Battle of Algeciras Bay (OP GBOKBBLKBJBBKNBVVGVV VVVVVVVVVBVVV VHBGBHHHU ) British victory
Fought July 8, 1801, between a British squadron of 7 ships of the line, 1 frigate and 1 brig, under Sir James Saumarez, and a French squadron of 3 line-of-battle ships and 1 frigate, under Admiral Linois. The French were aided by the Spanish gun-boats and the shore batteries, and Saumarez lost the Hannibal, which ran ashore, and was captured by the French. The British lost 121 killed and 240 wounded. The French lost 306 killed. On July 12, the French squadron, which had been reinforced meanwhile by 5 Spanish ships of the line, was again attacked by Sir James Saumarez, who succeeded in capturing the St. Antoine and blowing up the Hermenegilda. The British lost only 17 killed and 100 wounded; the allies, 2,000, chiefly in the Hermenegilda.
  



DateBattle Summary
1794  
Battle of St. Lucia (Colonial-westindies ) British victory
This island was captured from the French, April 4, 1794,by a British squadron, under Sir John Jervis.
  
1794  
Battle of Guadeloupe (Colonial-westindies ) British victory
This island was taken by a British force under Sir John Jervis, July 3, 1794, with a loss of 3 officers and 33 men killed and wounded. It was recaptured by the French, on December 10, of the same year.
  
1794  
Battle of Martinique (Colonial-westindies ) British victory
This island was captured from the French in 1794, by a combined naval and military force under Sir John Jervis and Sir George Grey, with a loss to the victors of 6 officers and 37 men killed and wounded.
  
1797  
Battle of Trinidad (Egypt-Syria Campaign ) British victory
This island was captured from the French, without resistance, by a naval and military expedition under Admiral John Harvey and Sir Ralph Abercrombie, February 17, 1797.
  
1796  
Battle of Banda Islands (Colonial-indonesia ) British victory
These islands, forming part of the Dutch East Indian possessions, were captured March 8, 1796, by a British squadron under Admiral Peter Rainier.
  
1796  
Battle of Saldanha Bay (Colonial-westindies ) British victory
Fought August 17, 1796, when Sir Keith Elphinstone, with a British squadron, entered the bay, and after capturing a Dutch ship of war lying in the harbour, landed a force, to which the garrison surrendered after a brief resistance.
  
1796  
Siege of Colombo (Colonial-southafrica ) British victory
This town was captured from the Dutch in 1796, by a squadron of four British warships, and a small force of troops under Admiral Peter Rainier and Colonel Stuart.
  


Commander
Short Biography
John Jervis Commander of British fleet during the French Revolutionary Wars. Friend of Horatio Nelson.
Horatio Nelson Great Naval hero of his age; victor at the Battle of the Nile, Copenhagen, and Trafalgar.
Peter Ranier British naval hero of the French revolutionary wars. Namesake of Mount Ranier
Sir Ralph Albercromby Naval captain who served in the French Revolutionary War. Retook Egypt from the French.


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Story Links
Book Links
The French Revolution  in  The Hanoverians  by  C. J. B. Gaskoin
England and the French Revolution  in  The Story of England  by  Samuel B. Harding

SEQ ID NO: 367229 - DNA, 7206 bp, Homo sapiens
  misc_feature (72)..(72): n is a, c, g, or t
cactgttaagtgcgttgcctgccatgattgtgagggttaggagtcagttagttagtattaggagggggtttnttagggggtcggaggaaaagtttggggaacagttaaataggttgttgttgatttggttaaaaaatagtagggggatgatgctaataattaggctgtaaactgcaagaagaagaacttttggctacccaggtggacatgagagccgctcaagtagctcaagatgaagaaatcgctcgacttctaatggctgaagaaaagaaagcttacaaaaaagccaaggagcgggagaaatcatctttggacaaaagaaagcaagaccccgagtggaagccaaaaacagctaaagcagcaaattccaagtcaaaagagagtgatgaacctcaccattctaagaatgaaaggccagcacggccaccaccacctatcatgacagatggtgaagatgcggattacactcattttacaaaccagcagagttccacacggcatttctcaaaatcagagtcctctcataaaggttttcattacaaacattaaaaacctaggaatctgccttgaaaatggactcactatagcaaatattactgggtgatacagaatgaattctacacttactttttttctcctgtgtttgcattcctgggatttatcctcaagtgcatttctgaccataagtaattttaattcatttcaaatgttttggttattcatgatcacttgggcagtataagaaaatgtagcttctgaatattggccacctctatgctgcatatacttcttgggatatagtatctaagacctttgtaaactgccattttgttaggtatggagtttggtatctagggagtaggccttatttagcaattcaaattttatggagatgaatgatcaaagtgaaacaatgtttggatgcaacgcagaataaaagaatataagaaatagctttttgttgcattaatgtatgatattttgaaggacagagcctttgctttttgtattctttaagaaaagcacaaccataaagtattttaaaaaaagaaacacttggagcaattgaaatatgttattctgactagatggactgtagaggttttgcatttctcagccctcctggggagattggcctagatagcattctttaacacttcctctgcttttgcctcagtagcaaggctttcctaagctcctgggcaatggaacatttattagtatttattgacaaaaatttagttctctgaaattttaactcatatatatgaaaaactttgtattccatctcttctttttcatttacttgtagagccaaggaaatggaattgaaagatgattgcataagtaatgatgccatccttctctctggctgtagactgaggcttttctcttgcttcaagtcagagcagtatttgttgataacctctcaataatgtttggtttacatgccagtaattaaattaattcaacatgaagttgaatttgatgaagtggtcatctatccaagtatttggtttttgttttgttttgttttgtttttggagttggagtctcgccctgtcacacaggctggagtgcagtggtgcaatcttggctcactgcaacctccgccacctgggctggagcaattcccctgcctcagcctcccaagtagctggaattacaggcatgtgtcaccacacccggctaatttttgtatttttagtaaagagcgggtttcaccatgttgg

Coming of the British  in  Our Empire Story  by  H. E. Marshall
Battle of St. Vincent  in  The Story of Nelson  by  Edmund Francis Sellar
Battle of Copenhagen  in  The Story of Nelson  by  Edmund Francis Sellar
Horatio Nelson  in  Great Englishmen  by  M. B. Synge
Beginning of the Struggle  in  The Struggle for Sea Power  by  M. B. Synge
Copenhagen  in  The Struggle for Sea Power  by  M. B. Synge


Book Links
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Story of Napoleon  by  H. E. Marshall
Story of Nelson  by  Edmund F. Sellar

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First Conquest by the British  in  South Africa  by  Ian D. Colvin


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A French Bivouac
 in Stories from English History, Part Third

General Janssens at the Battle of Blaauwberg
 in South Africa

Admiral Duncan receiving the sword of the Dutch Admiral, De Winter
 in The Hanoverians

The French people seizing arms at the outbreak of the revolution
 in The Hanoverians

Attack by Paris revolutionists on the Bastille, a strong prison
 in The Hanoverians

The invasion of Holland by the French
 in The Hanoverians

The evacuation of Holland by the English
 in The Hanoverians

The battle of Camperdown in 1797
 in The Hanoverians

The battle of Alexandria, fought between the English and the French
 in The Hanoverians

Lord Howe's Victory
 in  The Story of the English

Napoleon in Egypt
 in Famous Men of Modern Times

Nelson boarding the St. Nicholas
 in Famous Men of Modern Times

Seizing a flag, he himself led his men across the bridge
 in The Story of France

Napoleon at Lodi
 in The Story of Napoleon

Battle of the Pyramids
 in The Story of Napoleon

Soldiers firing on the mob.
 in  Stories of the French Revolution

The determined officer sat on the touch-hole.
 in  Stories of the French Revolution

Young men enrolling their names.
 in  Stories of the French Revolution

The wooden horse on the battlements of Thionville.
 in  Stories of the French Revolution

Nelson at the Battle of Copenhagen
 in The Story of Nelson

Nelson wounded at Calvi
 in The Story of Nelson

Berry helped Nelson into the main-chains of the San Josef
 in The Story of Nelson

The Battle of the Nile
 in The Story of Nelson